All in all, my first impressions in trying it out are very, very positive.


The Nano Puff pullover appears to be a very well-designed, well-constructed garment that provides an excellent compromise between light weight, warmth, packability, and water-resistance. I look forward to testing it under a wide variety of field conditions.

I would like to thank Patagonia and BackpackGearTest for the opportunity to test the Micro Puff pullover. My field report will be appended to this report in approximately two months. Please check back then for additional information. This concludes my Initial Report.



I have worn the Patagonia Nano Puff pullover almost every day during field testing, including on over a dozen day hikes, snowshoeing trips, and on 5 backpacking nights. Conditions have included heavy rain, light rain, drizzle, sunshine, and temperatures ranging from 25 F (-4 C) to 65 F (18 C). I have worn the jacket in winds up to 45 mph (72 kph).


I like big burls, and I cannot lie . . . the Nano is comfy!
I have used the Patagonia Nano Puff pullover on every day hike and backpacking trip I've taken during the test period, and have also worn it as a daily wear jacket to better assess long-term wear issues. I will describe the jacket's performance in individual areas below:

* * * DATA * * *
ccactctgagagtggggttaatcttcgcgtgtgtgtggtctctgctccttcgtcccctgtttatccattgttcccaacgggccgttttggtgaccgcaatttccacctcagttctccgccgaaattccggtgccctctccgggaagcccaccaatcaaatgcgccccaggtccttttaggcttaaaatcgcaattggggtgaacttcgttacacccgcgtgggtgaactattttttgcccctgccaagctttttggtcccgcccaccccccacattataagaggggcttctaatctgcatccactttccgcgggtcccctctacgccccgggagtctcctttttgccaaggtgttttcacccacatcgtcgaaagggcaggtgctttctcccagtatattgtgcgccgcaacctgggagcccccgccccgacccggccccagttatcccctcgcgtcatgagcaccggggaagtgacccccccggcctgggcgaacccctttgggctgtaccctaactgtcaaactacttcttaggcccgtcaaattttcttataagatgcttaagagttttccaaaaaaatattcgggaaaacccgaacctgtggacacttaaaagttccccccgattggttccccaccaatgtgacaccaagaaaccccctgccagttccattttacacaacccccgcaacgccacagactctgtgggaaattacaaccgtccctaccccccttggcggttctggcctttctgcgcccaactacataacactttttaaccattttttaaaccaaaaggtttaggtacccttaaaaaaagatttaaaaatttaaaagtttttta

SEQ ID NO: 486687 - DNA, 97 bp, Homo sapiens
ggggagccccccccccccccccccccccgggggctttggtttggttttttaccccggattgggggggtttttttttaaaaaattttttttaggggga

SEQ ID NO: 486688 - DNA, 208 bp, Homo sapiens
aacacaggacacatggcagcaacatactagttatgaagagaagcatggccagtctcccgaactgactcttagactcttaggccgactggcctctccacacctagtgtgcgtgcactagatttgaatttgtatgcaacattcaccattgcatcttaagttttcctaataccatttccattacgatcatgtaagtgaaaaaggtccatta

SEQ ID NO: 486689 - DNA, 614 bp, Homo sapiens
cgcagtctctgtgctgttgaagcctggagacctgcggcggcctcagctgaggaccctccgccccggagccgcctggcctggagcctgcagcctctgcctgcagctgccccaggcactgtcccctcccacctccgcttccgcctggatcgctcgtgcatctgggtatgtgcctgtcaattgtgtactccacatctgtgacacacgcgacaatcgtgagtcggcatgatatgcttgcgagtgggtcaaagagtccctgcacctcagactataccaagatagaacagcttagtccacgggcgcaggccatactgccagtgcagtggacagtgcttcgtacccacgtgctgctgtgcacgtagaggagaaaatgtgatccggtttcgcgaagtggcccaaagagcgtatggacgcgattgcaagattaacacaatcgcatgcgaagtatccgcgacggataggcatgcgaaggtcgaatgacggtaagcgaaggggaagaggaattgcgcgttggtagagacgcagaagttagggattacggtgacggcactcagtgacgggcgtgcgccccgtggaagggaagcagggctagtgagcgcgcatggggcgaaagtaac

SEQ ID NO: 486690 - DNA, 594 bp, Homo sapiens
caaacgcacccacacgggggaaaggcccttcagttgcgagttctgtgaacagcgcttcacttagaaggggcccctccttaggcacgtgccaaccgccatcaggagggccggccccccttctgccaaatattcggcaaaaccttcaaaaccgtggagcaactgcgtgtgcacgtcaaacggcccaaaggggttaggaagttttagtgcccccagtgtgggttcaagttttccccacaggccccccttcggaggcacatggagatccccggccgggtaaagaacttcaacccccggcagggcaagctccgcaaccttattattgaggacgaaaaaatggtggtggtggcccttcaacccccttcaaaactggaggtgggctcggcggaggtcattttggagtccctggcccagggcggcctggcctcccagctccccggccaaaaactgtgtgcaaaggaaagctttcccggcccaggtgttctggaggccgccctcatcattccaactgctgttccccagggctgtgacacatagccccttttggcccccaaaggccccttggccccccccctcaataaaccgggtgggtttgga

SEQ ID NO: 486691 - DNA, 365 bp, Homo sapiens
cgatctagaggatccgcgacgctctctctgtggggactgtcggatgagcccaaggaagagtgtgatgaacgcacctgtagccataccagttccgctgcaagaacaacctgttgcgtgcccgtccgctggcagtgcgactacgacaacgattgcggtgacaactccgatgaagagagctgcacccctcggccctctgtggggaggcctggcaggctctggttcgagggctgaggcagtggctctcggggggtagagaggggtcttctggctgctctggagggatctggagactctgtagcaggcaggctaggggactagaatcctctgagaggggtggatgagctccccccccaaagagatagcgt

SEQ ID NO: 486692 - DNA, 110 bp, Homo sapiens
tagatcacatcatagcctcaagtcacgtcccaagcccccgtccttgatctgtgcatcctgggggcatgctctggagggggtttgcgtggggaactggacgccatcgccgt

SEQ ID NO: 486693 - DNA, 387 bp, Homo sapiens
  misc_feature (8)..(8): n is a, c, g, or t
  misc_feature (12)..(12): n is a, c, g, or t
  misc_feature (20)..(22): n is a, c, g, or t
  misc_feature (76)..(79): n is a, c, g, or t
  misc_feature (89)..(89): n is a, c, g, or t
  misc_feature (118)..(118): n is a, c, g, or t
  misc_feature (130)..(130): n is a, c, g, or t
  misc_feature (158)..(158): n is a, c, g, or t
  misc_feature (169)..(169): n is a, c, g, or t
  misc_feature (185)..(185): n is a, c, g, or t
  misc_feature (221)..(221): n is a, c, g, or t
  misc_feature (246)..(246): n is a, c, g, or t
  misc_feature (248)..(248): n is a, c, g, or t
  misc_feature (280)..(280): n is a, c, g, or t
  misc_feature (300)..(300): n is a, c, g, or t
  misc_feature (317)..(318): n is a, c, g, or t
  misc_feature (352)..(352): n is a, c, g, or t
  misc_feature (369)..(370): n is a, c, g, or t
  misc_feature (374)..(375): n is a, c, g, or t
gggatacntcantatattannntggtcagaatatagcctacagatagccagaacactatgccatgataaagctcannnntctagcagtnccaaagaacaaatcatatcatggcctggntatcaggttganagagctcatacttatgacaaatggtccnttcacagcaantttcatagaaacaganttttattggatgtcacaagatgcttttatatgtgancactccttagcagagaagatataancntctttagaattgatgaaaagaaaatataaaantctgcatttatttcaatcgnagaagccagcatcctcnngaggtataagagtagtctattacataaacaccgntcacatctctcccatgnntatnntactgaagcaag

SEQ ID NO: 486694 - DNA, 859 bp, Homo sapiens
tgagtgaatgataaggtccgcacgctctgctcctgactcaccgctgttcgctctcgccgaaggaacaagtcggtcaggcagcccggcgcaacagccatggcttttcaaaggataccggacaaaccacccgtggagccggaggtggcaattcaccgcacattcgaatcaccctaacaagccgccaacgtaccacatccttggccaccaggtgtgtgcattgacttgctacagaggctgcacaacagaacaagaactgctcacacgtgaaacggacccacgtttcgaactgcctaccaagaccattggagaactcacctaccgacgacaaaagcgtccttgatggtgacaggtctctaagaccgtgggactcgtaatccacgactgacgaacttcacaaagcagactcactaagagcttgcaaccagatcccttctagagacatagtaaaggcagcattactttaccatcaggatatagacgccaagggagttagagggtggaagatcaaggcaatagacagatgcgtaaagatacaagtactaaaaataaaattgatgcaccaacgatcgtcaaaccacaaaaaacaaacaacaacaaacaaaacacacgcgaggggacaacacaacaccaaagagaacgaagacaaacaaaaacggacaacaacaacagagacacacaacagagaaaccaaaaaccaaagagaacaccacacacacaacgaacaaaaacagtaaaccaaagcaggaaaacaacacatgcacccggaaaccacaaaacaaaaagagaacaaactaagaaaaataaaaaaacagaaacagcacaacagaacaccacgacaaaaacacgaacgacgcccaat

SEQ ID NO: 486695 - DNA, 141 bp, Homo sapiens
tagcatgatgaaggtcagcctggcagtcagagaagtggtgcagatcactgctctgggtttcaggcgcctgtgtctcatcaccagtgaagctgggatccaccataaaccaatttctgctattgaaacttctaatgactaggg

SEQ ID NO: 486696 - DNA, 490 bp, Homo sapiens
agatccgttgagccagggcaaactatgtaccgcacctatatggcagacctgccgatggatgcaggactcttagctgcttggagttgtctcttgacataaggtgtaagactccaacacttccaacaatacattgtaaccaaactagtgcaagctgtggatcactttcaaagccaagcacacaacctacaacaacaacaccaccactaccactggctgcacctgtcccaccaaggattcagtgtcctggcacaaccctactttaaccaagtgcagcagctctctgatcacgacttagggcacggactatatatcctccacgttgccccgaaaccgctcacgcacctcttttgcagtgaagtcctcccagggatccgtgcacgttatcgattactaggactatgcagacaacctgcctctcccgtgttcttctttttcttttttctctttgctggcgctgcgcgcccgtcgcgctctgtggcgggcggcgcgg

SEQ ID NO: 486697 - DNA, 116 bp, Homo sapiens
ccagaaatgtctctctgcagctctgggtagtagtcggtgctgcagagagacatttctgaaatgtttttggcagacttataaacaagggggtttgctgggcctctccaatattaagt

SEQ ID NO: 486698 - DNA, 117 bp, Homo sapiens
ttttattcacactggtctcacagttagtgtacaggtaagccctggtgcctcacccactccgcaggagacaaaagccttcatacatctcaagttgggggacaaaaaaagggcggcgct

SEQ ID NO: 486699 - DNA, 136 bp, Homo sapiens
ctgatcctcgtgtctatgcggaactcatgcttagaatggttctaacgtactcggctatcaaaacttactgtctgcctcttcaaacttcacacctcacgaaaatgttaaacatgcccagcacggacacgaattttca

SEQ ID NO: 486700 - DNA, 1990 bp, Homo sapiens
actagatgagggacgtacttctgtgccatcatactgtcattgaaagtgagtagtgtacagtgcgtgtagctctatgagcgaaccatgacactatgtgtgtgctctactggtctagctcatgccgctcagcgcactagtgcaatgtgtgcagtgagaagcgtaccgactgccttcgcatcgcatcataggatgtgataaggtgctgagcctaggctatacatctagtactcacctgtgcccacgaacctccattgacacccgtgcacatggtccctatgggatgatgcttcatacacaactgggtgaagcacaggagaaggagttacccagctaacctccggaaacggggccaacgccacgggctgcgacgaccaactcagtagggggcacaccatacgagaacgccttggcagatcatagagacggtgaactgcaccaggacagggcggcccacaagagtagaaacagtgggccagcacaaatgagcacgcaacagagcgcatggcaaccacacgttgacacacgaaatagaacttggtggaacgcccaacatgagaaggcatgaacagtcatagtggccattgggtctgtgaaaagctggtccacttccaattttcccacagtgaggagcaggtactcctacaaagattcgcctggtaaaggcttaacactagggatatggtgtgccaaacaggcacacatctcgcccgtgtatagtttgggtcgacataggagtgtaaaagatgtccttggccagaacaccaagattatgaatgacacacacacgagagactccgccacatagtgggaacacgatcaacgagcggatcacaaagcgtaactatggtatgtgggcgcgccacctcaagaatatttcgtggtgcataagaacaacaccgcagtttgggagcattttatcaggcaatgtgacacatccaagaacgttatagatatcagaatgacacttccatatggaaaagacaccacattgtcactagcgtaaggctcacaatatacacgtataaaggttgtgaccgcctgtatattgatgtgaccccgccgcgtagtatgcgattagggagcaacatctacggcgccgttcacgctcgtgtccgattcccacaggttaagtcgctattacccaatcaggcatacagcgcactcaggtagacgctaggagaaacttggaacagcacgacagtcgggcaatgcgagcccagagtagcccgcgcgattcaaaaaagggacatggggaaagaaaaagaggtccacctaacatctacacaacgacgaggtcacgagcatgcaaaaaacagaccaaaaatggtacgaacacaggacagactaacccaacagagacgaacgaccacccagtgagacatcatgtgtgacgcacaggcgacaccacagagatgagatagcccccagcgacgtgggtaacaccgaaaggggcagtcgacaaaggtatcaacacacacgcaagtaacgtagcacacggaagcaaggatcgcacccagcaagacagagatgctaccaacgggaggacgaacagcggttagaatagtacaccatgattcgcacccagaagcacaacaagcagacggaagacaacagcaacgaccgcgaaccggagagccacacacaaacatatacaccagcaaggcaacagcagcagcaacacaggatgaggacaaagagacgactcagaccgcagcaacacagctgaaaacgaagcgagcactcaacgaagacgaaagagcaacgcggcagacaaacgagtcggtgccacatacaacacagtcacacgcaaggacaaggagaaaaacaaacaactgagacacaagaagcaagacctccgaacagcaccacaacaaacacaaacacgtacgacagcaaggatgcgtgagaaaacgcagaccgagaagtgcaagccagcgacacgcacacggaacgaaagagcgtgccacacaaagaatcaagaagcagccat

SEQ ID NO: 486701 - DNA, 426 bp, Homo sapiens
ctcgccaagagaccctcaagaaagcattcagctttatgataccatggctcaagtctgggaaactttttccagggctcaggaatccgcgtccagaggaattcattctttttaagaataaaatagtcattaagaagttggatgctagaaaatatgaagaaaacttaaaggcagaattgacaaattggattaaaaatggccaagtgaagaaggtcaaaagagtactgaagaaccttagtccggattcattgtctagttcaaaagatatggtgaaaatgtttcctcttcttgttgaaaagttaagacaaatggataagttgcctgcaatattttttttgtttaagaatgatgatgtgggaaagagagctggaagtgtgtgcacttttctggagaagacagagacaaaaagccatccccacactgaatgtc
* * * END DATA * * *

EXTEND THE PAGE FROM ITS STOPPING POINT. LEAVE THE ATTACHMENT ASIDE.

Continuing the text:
I have used the Patagonia Nano Puff as a insulating layer under a shell, as an outer garment, and as sleepwear during testing. It layers nicely, and has proven to be a very versatile garment.


The Nano Puff is like my favorite sweater, and that's how I tend to use it. I'd say it is exactly like my favorite sweater, except it's warmer, water resistant, and it weighs less than half a sleeve from that sweater! I slip it on at home when I catch a chill. I slip it on during breaks on the trail. I slip it on when the night chill creeps in on me, and leave it on as I snuggle into my quilt on colder nights. I wear it on the trail on cold days. I've found it comfortable as my only jacket while hiking on sunny, still days as cold as 25 F (-4 C) and comfortable with a wicking t-shirt on underneath in temperatures as warm as 58 F (14 C).


The cut of the Nano Puff fits me very well. It provides for good range of motion without having too much material. It is roomy enough to wear a couple base layers under, yet form-fitting enough to serve efficiently as a mid-layer. The elasticized cuffs at the waist and wrists are just snug enough to eliminate drafts without feeling snug, and zipping up the neck zipper effectively seals out drafts without feeling too snug. In terms of fit, it is almost as though the pullover was designed around my body.